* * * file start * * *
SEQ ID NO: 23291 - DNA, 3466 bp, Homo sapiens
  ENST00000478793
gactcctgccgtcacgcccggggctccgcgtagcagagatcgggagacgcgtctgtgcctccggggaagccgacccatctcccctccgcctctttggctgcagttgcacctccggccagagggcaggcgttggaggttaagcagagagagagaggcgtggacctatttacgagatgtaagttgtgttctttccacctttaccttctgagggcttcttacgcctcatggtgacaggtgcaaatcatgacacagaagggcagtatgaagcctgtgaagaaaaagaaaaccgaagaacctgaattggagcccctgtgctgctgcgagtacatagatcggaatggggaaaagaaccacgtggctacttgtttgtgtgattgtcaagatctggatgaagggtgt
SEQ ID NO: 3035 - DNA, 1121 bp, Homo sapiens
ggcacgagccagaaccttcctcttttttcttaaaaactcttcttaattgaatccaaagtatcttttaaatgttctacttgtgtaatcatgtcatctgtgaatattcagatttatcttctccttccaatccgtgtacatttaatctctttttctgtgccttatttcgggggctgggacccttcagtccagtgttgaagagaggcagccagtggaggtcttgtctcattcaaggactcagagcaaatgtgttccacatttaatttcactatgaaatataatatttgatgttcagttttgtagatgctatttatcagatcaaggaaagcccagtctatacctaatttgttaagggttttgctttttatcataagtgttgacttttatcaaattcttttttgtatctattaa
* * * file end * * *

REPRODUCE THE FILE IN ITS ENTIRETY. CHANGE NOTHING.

SEQ ID NO: 23291 - DNA, 3466 bp, Homo sapiens
  ENST00000478793
gactcctgccgtcacgcccggggctccgcgtagcagagatcgggagacgcgtctgtgcctccggggaagccgacccatctcccctccgcctctttggctgcagttgcacctccggccagagggcaggcgttggaggttaagcagagagagagaggcgtggacctatttacgagatgtaagttgtgttctttccacctttaccttctgagggcttcttacgcctcatggtgacaggtgcaaatcatgacacagaagggcagtatgaagcctgtgaagaaaaagaaaaccgaagaacctgaattggagcccctgtgctgctgcgagtacatagatcggaatggggaaaagaaccacgtggctacttgtttgtgtgattgtcaagatctggatgaagggtgt
SEQ ID NO: 3035 - DNA, 1121 bp, Homo sapiens
ggcacgagccagaaccttcctcttttttcttaaaaactcttcttaattgaatccaaagtatcttttaaatgttctacttgtgtaatcatgtcatctgtgaatattcagatttatcttctccttccaatccgtgtacatttaatctctttttctgtgccttatttcgggggctgggacccttcagtccagtgttgaagagaggcagccagtggaggtcttgtctcattcaaggactcagagcaaatgtgttccacatttaatttcactatgaaatataatatttgatgttcagttttgtagatgctatttatcagatcaaggaaagcccagtctatacctaatttgttaagggttttgctttttatcataagtgttgacttttatcaaattcttttttgtatctattaa